To our Lakeside Church family, brothers and sisters in Christ everywhere, friends and our dear family.
We would like to convey our thanks to everyone who has messaged, emailed, sent cards or spoken with us in the last month regarding the progress of our unborn baby. We have very much appreciated every message of love and support, even if we are unable to reply to them all.
Our lives have taken quite an unexpected turn since that Tuesday on 1 July, with the discovery at a regular 19 week scan of a Congenital Diaphragmatic Hernia in baby – in this case there is no diaphragm on the left side, allowing other organs to drift into the chest cavity, displacing the heart and squashing the lungs.
We were referred to King Edward for specialist care under Prof. Jan Dickinson, and through an amniocentesis it was discovered that baby has Pallister-Killian Syndrome, a rare chromosomal disorder. Some babies are mildly affected, but many will have severe to profound intellectual disability, will be wheelchair bound, as well as have many other severe physical development and health issues. As part of the condition, Sarah has too much amniotic fluid (Polyhydramnios) which means the ‘bump’ is much larger than it should be, and puts bub at risk of an early birth. Sarah will also now need regular amnioreduction procedures to reduce pressure on her own lungs.
At this weeks scan we finally learnt the prognosis the team of doctors are giving for our baby, and that is that there are clear indicators in our case that baby will not survive.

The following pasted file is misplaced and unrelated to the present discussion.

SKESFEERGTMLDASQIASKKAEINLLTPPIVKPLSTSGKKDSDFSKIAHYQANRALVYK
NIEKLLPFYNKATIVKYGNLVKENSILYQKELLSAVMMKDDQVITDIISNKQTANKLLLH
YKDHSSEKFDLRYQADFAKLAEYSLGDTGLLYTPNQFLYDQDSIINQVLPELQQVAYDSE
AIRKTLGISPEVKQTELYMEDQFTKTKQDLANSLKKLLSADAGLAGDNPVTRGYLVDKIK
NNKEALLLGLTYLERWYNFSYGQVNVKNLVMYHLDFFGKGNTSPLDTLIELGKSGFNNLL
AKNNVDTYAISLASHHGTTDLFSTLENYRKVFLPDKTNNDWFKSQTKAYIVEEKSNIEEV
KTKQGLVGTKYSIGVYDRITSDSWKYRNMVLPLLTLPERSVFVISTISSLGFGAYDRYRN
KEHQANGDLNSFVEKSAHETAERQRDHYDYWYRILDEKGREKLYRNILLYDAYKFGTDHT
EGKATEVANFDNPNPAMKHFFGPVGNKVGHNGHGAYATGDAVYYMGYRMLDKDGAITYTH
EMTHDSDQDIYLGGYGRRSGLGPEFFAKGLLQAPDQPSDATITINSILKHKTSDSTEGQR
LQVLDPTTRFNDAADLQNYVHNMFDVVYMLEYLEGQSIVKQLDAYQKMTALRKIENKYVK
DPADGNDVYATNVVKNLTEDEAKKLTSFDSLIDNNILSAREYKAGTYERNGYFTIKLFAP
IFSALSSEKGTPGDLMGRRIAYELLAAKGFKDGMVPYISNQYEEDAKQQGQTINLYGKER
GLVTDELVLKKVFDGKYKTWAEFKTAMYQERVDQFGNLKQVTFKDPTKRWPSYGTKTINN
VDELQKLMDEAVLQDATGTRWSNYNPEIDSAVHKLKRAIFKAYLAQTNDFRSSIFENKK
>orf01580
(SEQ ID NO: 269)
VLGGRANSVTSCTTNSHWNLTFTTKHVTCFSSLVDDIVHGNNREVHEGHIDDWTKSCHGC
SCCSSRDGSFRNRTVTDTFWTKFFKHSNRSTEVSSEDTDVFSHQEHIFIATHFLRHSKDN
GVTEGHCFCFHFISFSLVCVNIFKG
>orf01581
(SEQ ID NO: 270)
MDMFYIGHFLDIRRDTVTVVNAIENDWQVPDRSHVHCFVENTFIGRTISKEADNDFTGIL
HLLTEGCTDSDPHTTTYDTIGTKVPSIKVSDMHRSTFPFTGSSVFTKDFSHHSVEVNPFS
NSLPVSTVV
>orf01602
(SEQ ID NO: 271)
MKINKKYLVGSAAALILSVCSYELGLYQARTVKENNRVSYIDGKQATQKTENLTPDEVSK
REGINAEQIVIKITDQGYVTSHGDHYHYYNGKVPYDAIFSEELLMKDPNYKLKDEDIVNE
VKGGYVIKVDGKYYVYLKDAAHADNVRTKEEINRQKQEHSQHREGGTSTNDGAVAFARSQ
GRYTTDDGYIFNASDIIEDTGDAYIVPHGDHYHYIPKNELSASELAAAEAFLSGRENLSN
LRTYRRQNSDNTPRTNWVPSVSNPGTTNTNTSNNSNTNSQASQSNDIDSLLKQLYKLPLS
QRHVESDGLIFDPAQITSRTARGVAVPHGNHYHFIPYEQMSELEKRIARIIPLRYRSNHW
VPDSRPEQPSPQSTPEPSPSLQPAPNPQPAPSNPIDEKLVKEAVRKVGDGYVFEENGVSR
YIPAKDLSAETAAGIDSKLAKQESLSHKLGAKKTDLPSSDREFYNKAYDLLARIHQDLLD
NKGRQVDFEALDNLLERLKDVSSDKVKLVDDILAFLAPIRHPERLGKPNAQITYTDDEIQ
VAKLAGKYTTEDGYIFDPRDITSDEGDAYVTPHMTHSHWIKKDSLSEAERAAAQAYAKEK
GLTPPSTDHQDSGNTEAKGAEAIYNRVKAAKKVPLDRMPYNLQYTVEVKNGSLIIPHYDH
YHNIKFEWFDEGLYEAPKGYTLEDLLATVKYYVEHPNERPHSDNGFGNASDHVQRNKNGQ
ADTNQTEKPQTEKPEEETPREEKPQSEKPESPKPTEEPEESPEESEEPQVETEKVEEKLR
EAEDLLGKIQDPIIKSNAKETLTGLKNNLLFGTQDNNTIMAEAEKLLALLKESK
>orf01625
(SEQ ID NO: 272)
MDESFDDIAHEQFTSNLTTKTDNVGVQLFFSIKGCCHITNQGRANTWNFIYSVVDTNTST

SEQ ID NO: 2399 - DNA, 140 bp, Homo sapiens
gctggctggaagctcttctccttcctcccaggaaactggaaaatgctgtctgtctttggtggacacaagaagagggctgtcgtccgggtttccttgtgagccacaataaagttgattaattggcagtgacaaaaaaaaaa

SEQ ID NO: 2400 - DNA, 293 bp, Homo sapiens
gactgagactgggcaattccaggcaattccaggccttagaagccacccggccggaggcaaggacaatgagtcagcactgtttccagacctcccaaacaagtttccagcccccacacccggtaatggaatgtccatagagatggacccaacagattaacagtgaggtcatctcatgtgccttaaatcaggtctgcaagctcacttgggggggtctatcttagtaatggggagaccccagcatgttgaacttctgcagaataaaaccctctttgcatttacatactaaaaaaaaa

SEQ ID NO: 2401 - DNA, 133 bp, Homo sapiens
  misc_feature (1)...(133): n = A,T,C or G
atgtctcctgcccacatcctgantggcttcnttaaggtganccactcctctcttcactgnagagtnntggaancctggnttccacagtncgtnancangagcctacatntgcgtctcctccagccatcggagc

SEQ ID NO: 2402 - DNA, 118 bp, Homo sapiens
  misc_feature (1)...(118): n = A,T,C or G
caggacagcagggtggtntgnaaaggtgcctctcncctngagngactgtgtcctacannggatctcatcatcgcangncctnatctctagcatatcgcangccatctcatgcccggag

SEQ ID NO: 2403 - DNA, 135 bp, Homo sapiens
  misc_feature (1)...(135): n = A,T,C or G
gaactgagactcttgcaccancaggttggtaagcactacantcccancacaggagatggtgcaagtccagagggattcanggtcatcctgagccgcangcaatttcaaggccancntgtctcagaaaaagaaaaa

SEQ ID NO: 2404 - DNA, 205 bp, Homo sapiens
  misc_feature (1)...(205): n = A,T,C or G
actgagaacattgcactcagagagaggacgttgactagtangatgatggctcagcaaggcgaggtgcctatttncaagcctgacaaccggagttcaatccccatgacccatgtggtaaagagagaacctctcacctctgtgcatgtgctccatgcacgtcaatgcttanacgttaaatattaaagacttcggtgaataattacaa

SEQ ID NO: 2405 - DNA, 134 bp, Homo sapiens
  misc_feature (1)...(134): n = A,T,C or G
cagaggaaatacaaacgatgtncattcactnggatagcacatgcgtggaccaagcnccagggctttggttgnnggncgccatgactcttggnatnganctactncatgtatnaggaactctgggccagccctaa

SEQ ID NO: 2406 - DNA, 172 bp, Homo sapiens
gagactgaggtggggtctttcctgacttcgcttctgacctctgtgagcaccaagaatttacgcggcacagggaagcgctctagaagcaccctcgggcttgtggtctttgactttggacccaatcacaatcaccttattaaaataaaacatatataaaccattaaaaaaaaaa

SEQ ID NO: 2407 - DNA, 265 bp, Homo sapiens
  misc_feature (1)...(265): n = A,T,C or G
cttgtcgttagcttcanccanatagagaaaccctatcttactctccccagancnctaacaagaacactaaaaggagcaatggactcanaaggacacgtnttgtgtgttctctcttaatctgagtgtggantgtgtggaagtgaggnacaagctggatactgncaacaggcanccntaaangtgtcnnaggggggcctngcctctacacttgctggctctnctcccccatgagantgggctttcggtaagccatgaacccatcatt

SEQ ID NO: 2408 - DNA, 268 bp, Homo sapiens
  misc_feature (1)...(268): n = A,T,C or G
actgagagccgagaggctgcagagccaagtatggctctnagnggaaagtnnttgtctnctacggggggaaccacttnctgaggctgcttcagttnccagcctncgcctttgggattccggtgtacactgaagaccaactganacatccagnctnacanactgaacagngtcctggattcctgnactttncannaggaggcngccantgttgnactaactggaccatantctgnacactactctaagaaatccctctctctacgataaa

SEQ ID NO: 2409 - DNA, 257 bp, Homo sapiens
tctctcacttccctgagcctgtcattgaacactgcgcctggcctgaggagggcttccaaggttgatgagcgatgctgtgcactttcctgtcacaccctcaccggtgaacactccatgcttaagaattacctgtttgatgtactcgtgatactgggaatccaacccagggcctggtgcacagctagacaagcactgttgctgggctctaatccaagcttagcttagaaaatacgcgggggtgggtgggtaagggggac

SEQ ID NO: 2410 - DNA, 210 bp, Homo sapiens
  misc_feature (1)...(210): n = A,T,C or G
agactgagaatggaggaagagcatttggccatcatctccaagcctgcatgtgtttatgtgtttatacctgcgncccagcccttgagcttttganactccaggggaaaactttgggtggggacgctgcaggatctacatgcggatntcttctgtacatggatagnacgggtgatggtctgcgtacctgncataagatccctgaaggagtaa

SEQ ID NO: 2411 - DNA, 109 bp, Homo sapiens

It is difficult to explain the grief we are now experiencing. Initially it felt as though we were in a calm before a storm as we felt as though day to day life was much as it was before. Yet we were contemplating a birth day that will not be anything like the beautiful day of Ethan’s birth, weeks (probably months) of visiting baby in hospital, and then a life ahead with many practical and financial implications. But with this weeks news it is now as though the storm clouds are starting to roll in.
Many of you have offered meals and practical support, and we appreciate that. Please be assured that we will reach out when we do need assistance. For now we ask that you pray for baby and for us.
And so we come to how do we pray for baby, and all we can say is – God’s will be done. Our God is a God who can perform a miracle in this little baby’s body if he so wishes. Our God is also the God who, in the words of Job (Job 1:21), gives and takes away. How then do we pray? If it is God’s will that baby survives – then that there will be ample time for the lungs to grow, the organs are held back by God’s hand to allow room for the lungs to grow and mature, and that baby thrives and has a fulfilling life. And if it is God’s will that we only know this baby for a short time, that God will make that clear to us both and we will know when to let go.
Please know that we still want to hear your news – we want to rejoice with you in your good news and grieve with you in your not great news too, just as you too ride the wave of grief with our baby news.
With much love
Steve and Sarah Wickham
If you want to know more about Pallister-Killian Syndrome, find it below ... http://www.rarechromo.org/information/Chromosome%2012/Pallister-Killian%20syndrome%20FTNW.pdf